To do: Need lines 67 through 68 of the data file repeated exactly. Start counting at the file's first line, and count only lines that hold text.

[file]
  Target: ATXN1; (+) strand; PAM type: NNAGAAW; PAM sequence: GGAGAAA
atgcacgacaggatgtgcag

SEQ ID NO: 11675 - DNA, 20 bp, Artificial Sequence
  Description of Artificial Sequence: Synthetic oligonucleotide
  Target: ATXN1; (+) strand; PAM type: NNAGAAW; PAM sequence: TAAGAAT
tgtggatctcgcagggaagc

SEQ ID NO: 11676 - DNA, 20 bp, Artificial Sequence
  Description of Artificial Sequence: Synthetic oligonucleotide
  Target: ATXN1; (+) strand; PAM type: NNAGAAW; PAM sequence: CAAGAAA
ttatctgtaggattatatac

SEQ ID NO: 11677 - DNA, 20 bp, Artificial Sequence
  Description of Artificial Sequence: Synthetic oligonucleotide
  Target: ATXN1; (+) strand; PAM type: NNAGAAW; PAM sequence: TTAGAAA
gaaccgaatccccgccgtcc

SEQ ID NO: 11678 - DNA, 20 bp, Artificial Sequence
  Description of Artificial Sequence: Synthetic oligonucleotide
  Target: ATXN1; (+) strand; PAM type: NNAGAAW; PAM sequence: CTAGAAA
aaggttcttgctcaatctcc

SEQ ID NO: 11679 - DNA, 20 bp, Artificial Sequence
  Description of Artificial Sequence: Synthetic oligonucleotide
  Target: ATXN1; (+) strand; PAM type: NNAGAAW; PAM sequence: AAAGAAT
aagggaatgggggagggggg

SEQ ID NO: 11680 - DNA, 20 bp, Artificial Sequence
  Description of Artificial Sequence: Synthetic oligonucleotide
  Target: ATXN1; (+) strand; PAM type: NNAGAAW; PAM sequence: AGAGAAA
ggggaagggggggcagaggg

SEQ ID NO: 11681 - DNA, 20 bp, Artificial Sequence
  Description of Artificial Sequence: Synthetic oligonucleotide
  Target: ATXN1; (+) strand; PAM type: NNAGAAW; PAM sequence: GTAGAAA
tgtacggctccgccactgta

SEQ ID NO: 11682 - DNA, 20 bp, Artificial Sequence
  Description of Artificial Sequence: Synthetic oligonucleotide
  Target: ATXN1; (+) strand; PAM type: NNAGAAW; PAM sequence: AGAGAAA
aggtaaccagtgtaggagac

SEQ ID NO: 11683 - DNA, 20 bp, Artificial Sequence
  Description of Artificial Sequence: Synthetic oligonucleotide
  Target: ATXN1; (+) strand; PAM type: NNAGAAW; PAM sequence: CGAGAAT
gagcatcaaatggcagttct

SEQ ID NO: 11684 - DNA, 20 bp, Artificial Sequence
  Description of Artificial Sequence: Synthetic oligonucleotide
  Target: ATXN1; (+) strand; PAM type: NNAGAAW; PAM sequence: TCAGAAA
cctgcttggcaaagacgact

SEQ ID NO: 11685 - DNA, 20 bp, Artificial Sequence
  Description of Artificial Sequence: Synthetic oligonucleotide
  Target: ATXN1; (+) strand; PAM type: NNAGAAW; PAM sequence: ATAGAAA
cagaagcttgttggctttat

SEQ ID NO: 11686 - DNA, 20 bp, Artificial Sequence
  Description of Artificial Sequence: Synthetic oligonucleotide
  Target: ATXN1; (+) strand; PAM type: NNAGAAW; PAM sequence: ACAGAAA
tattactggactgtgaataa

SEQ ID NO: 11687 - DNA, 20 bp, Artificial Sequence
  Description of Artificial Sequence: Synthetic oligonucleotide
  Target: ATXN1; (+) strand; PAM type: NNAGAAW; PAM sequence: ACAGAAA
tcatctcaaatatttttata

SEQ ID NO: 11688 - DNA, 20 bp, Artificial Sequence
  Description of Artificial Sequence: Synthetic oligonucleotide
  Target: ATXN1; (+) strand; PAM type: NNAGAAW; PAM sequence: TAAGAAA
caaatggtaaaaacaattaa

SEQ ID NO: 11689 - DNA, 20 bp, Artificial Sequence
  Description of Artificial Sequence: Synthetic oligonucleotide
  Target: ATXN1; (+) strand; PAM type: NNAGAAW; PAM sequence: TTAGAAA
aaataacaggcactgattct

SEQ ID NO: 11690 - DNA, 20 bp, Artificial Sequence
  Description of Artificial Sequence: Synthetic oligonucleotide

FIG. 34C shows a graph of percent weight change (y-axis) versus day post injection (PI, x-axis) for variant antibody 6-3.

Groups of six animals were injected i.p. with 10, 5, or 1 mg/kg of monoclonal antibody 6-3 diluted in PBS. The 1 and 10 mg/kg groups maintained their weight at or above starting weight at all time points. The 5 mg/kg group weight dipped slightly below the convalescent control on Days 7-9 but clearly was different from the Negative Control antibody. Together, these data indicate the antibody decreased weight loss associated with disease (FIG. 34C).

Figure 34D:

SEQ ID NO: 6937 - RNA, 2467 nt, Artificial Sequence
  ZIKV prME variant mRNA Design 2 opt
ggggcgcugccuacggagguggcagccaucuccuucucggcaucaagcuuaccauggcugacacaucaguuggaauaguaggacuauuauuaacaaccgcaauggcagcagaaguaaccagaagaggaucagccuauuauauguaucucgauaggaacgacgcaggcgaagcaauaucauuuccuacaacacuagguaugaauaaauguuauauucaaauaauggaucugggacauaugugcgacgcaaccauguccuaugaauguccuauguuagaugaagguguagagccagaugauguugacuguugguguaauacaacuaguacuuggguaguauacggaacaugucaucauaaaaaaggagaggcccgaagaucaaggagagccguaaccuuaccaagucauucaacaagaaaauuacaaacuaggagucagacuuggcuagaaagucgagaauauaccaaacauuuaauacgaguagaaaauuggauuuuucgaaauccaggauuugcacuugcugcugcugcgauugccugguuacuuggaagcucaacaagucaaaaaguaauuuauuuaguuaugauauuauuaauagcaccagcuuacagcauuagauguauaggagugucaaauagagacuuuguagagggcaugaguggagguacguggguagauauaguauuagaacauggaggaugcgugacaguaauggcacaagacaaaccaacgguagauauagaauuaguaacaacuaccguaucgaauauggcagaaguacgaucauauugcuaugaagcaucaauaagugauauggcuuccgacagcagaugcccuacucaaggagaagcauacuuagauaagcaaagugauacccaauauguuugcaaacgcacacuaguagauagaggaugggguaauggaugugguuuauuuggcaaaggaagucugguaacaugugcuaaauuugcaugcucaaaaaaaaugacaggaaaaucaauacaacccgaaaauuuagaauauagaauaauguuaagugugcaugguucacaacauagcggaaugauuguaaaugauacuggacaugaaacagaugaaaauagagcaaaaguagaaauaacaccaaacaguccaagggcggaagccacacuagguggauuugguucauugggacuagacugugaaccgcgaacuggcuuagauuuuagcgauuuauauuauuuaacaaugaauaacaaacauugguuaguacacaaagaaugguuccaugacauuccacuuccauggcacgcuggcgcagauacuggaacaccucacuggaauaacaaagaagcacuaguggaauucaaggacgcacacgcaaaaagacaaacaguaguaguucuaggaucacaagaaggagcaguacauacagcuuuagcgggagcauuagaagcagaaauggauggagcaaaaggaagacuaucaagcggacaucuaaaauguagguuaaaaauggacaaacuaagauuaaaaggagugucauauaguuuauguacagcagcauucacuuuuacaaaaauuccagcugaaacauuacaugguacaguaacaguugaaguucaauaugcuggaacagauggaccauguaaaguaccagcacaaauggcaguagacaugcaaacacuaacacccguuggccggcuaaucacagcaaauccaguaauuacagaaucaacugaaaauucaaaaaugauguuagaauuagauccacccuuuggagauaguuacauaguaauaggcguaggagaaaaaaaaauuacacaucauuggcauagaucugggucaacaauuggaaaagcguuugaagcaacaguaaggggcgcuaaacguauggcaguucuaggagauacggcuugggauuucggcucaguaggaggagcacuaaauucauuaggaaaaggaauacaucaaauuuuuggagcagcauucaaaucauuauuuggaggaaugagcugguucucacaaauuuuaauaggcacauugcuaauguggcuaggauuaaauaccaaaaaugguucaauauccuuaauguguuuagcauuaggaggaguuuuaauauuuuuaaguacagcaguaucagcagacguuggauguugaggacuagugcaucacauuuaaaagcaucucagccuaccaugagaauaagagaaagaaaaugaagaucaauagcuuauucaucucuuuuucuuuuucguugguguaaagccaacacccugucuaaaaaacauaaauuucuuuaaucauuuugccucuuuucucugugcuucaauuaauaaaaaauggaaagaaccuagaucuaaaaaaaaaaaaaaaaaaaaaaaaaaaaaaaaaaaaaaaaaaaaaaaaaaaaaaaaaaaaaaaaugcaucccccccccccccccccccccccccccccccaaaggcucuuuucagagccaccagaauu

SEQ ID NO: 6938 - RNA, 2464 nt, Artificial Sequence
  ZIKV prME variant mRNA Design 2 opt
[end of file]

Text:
Figure 34D:

SEQ ID NO: 6937 - RNA, 2467 nt, Artificial Sequence